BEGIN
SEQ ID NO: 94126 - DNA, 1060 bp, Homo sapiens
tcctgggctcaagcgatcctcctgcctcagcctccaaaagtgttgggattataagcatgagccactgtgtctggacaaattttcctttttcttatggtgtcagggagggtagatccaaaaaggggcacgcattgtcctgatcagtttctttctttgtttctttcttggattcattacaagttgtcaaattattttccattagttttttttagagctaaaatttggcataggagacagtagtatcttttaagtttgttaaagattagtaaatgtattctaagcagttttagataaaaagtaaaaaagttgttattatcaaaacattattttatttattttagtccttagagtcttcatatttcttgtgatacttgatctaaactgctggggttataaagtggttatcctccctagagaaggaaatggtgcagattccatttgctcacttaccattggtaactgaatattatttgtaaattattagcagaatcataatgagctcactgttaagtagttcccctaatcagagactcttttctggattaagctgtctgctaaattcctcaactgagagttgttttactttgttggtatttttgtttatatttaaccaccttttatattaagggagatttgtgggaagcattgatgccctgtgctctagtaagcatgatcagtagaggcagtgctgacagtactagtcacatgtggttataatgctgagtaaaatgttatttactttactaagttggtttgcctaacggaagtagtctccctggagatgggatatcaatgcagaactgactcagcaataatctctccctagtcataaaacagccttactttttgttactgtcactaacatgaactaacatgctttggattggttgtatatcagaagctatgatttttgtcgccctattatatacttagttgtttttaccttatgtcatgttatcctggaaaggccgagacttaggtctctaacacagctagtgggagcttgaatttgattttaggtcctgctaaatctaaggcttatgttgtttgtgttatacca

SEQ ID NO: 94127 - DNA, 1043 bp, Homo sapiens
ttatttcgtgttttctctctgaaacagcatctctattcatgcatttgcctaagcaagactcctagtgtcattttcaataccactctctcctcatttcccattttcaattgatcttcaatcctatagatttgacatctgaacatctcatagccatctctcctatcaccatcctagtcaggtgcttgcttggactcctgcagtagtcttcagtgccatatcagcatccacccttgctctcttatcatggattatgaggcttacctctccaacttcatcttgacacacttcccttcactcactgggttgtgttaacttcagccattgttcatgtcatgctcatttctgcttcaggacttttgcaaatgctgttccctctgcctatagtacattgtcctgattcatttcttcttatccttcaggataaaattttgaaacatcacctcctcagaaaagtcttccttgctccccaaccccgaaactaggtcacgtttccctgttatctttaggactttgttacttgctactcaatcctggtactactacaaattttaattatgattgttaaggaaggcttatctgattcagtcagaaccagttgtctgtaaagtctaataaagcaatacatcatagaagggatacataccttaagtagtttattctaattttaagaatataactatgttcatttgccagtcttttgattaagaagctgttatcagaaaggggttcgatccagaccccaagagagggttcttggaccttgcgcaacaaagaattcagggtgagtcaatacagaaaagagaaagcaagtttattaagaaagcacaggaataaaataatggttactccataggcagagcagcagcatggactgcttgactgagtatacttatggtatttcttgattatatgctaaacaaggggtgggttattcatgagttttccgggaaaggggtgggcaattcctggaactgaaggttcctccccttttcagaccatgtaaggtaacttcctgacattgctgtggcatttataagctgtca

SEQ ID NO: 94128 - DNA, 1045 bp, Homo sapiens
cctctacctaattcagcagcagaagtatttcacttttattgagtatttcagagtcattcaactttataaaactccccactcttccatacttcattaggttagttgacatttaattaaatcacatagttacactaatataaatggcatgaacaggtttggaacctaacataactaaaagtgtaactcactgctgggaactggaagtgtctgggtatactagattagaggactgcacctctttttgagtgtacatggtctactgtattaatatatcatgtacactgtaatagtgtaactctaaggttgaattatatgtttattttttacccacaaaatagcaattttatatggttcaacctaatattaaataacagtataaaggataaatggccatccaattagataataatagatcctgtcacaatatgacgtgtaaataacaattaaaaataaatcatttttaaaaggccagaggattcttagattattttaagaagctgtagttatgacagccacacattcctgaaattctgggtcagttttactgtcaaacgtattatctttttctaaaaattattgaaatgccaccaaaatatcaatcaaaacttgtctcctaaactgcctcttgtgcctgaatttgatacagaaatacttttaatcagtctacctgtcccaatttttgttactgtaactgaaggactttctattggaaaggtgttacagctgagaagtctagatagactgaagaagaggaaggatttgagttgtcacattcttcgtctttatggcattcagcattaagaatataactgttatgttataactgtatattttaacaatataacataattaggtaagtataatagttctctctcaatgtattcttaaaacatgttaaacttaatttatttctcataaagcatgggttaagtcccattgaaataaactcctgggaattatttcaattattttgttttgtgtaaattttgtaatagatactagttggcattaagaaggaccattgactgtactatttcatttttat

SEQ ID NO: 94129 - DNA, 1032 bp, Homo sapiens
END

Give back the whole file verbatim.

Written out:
SEQ ID NO: 94126 - DNA, 1060 bp, Homo sapiens
tcctgggctcaagcgatcctcctgcctcagcctccaaaagtgttgggattataagcatgagccactgtgtctggacaaattttcctttttcttatggtgtcagggagggtagatccaaaaaggggcacgcattgtcctgatcagtttctttctttgtttctttcttggattcattacaagttgtcaaattattttccattagttttttttagagctaaaatttggcataggagacagtagtatcttttaagtttgttaaagattagtaaatgtattctaagcagttttagataaaaagtaaaaaagttgttattatcaaaacattattttatttattttagtccttagagtcttcatatttcttgtgatacttgatctaaactgctggggttataaagtggttatcctccctagagaaggaaatggtgcagattccatttgctcacttaccattggtaactgaatattatttgtaaattattagcagaatcataatgagctcactgttaagtagttcccctaatcagagactcttttctggattaagctgtctgctaaattcctcaactgagagttgttttactttgttggtatttttgtttatatttaaccaccttttatattaagggagatttgtgggaagcattgatgccctgtgctctagtaagcatgatcagtagaggcagtgctgacagtactagtcacatgtggttataatgctgagtaaaatgttatttactttactaagttggtttgcctaacggaagtagtctccctggagatgggatatcaatgcagaactgactcagcaataatctctccctagtcataaaacagccttactttttgttactgtcactaacatgaactaacatgctttggattggttgtatatcagaagctatgatttttgtcgccctattatatacttagttgtttttaccttatgtcatgttatcctggaaaggccgagacttaggtctctaacacagctagtgggagcttgaatttgattttaggtcctgctaaatctaaggcttatgttgtttgtgttatacca

SEQ ID NO: 94127 - DNA, 1043 bp, Homo sapiens
ttatttcgtgttttctctctgaaacagcatctctattcatgcatttgcctaagcaagactcctagtgtcattttcaataccactctctcctcatttcccattttcaattgatcttcaatcctatagatttgacatctgaacatctcatagccatctctcctatcaccatcctagtcaggtgcttgcttggactcctgcagtagtcttcagtgccatatcagcatccacccttgctctcttatcatggattatgaggcttacctctccaacttcatcttgacacacttcccttcactcactgggttgtgttaacttcagccattgttcatgtcatgctcatttctgcttcaggacttttgcaaatgctgttccctctgcctatagtacattgtcctgattcatttcttcttatccttcaggataaaattttgaaacatcacctcctcagaaaagtcttccttgctccccaaccccgaaactaggtcacgtttccctgttatctttaggactttgttacttgctactcaatcctggtactactacaaattttaattatgattgttaaggaaggcttatctgattcagtcagaaccagttgtctgtaaagtctaataaagcaatacatcatagaagggatacataccttaagtagtttattctaattttaagaatataactatgttcatttgccagtcttttgattaagaagctgttatcagaaaggggttcgatccagaccccaagagagggttcttggaccttgcgcaacaaagaattcagggtgagtcaatacagaaaagagaaagcaagtttattaagaaagcacaggaataaaataatggttactccataggcagagcagcagcatggactgcttgactgagtatacttatggtatttcttgattatatgctaaacaaggggtgggttattcatgagttttccgggaaaggggtgggcaattcctggaactgaaggttcctccccttttcagaccatgtaaggtaacttcctgacattgctgtggcatttataagctgtca

SEQ ID NO: 94128 - DNA, 1045 bp, Homo sapiens
cctctacctaattcagcagcagaagtatttcacttttattgagtatttcagagtcattcaactttataaaactccccactcttccatacttcattaggttagttgacatttaattaaatcacatagttacactaatataaatggcatgaacaggtttggaacctaacataactaaaagtgtaactcactgctgggaactggaagtgtctgggtatactagattagaggactgcacctctttttgagtgtacatggtctactgtattaatatatcatgtacactgtaatagtgtaactctaaggttgaattatatgtttattttttacccacaaaatagcaattttatatggttcaacctaatattaaataacagtataaaggataaatggccatccaattagataataatagatcctgtcacaatatgacgtgtaaataacaattaaaaataaatcatttttaaaaggccagaggattcttagattattttaagaagctgtagttatgacagccacacattcctgaaattctgggtcagttttactgtcaaacgtattatctttttctaaaaattattgaaatgccaccaaaatatcaatcaaaacttgtctcctaaactgcctcttgtgcctgaatttgatacagaaatacttttaatcagtctacctgtcccaatttttgttactgtaactgaaggactttctattggaaaggtgttacagctgagaagtctagatagactgaagaagaggaaggatttgagttgtcacattcttcgtctttatggcattcagcattaagaatataactgttatgttataactgtatattttaacaatataacataattaggtaagtataatagttctctctcaatgtattcttaaaacatgttaaacttaatttatttctcataaagcatgggttaagtcccattgaaataaactcctgggaattatttcaattattttgttttgtgtaaattttgtaatagatactagttggcattaagaaggaccattgactgtactatttcatttttat

SEQ ID NO: 94129 - DNA, 1032 bp, Homo sapiens